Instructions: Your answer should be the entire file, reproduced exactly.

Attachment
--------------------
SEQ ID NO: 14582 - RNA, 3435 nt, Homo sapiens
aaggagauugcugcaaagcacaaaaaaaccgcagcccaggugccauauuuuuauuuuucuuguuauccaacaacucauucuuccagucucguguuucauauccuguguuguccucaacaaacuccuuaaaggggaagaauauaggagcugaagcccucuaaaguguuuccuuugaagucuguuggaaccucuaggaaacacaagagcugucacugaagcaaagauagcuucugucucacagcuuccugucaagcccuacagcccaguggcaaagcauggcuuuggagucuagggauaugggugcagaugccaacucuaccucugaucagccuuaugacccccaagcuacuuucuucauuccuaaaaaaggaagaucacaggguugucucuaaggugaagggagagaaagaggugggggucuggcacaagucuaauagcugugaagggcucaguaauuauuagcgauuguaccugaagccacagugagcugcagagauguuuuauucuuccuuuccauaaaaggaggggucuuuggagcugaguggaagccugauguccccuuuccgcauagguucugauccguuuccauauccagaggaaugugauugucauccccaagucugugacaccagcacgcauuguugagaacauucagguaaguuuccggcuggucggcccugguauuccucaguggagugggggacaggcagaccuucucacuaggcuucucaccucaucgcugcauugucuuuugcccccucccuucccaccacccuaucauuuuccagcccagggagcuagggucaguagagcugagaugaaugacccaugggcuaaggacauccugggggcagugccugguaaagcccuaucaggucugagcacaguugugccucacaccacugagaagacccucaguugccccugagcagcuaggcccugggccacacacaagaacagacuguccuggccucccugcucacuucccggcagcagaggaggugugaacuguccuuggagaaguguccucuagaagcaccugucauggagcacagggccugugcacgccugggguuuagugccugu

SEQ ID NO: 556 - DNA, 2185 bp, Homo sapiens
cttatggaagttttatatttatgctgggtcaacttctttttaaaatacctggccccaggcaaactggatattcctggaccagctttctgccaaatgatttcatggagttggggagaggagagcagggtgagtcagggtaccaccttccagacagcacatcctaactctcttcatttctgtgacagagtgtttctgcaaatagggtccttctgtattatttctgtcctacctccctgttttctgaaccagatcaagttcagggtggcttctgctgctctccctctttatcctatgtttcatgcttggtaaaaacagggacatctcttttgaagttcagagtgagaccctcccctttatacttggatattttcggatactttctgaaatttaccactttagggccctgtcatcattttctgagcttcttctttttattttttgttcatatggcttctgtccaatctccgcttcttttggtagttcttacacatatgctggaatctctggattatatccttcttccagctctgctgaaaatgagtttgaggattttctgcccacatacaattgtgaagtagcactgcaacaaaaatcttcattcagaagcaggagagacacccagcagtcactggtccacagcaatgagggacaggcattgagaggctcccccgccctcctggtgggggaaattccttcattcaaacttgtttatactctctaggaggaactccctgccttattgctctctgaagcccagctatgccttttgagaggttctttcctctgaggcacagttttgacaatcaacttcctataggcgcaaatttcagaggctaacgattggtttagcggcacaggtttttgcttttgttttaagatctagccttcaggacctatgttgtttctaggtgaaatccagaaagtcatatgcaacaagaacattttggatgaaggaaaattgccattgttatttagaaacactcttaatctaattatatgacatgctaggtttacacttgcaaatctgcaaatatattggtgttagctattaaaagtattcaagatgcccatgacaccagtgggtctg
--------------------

SEQ ID NO: 14582 - RNA, 3435 nt, Homo sapiens
aaggagauugcugcaaagcacaaaaaaaccgcagcccaggugccauauuuuuauuuuucuuguuauccaacaacucauucuuccagucucguguuucauauccuguguuguccucaacaaacuccuuaaaggggaagaauauaggagcugaagcccucuaaaguguuuccuuugaagucuguuggaaccucuaggaaacacaagagcugucacugaagcaaagauagcuucugucucacagcuuccugucaagcccuacagcccaguggcaaagcauggcuuuggagucuagggauaugggugcagaugccaacucuaccucugaucagccuuaugacccccaagcuacuuucuucauuccuaaaaaaggaagaucacaggguugucucuaaggugaagggagagaaagaggugggggucuggcacaagucuaauagcugugaagggcucaguaauuauuagcgauuguaccugaagccacagugagcugcagagauguuuuauucuuccuuuccauaaaaggaggggucuuuggagcugaguggaagccugauguccccuuuccgcauagguucugauccguuuccauauccagaggaaugugauugucauccccaagucugugacaccagcacgcauuguugagaacauucagguaaguuuccggcuggucggcccugguauuccucaguggagugggggacaggcagaccuucucacuaggcuucucaccucaucgcugcauugucuuuugcccccucccuucccaccacccuaucauuuuccagcccagggagcuagggucaguagagcugagaugaaugacccaugggcuaaggacauccugggggcagugccugguaaagcccuaucaggucugagcacaguugugccucacaccacugagaagacccucaguugccccugagcagcuaggcccugggccacacacaagaacagacuguccuggccucccugcucacuucccggcagcagaggaggugugaacuguccuuggagaaguguccucuagaagcaccugucauggagcacagggccugugcacgccugggguuuagugccugu

SEQ ID NO: 556 - DNA, 2185 bp, Homo sapiens
cttatggaagttttatatttatgctgggtcaacttctttttaaaatacctggccccaggcaaactggatattcctggaccagctttctgccaaatgatttcatggagttggggagaggagagcagggtgagtcagggtaccaccttccagacagcacatcctaactctcttcatttctgtgacagagtgtttctgcaaatagggtccttctgtattatttctgtcctacctccctgttttctgaaccagatcaagttcagggtggcttctgctgctctccctctttatcctatgtttcatgcttggtaaaaacagggacatctcttttgaagttcagagtgagaccctcccctttatacttggatattttcggatactttctgaaatttaccactttagggccctgtcatcattttctgagcttcttctttttattttttgttcatatggcttctgtccaatctccgcttcttttggtagttcttacacatatgctggaatctctggattatatccttcttccagctctgctgaaaatgagtttgaggattttctgcccacatacaattgtgaagtagcactgcaacaaaaatcttcattcagaagcaggagagacacccagcagtcactggtccacagcaatgagggacaggcattgagaggctcccccgccctcctggtgggggaaattccttcattcaaacttgtttatactctctaggaggaactccctgccttattgctctctgaagcccagctatgccttttgagaggttctttcctctgaggcacagttttgacaatcaacttcctataggcgcaaatttcagaggctaacgattggtttagcggcacaggtttttgcttttgttttaagatctagccttcaggacctatgttgtttctaggtgaaatccagaaagtcatatgcaacaagaacattttggatgaaggaaaattgccattgttatttagaaacactcttaatctaattatatgacatgctaggtttacacttgcaaatctgcaaatatattggtgttagctattaaaagtattcaagatgcccatgacaccagtgggtctg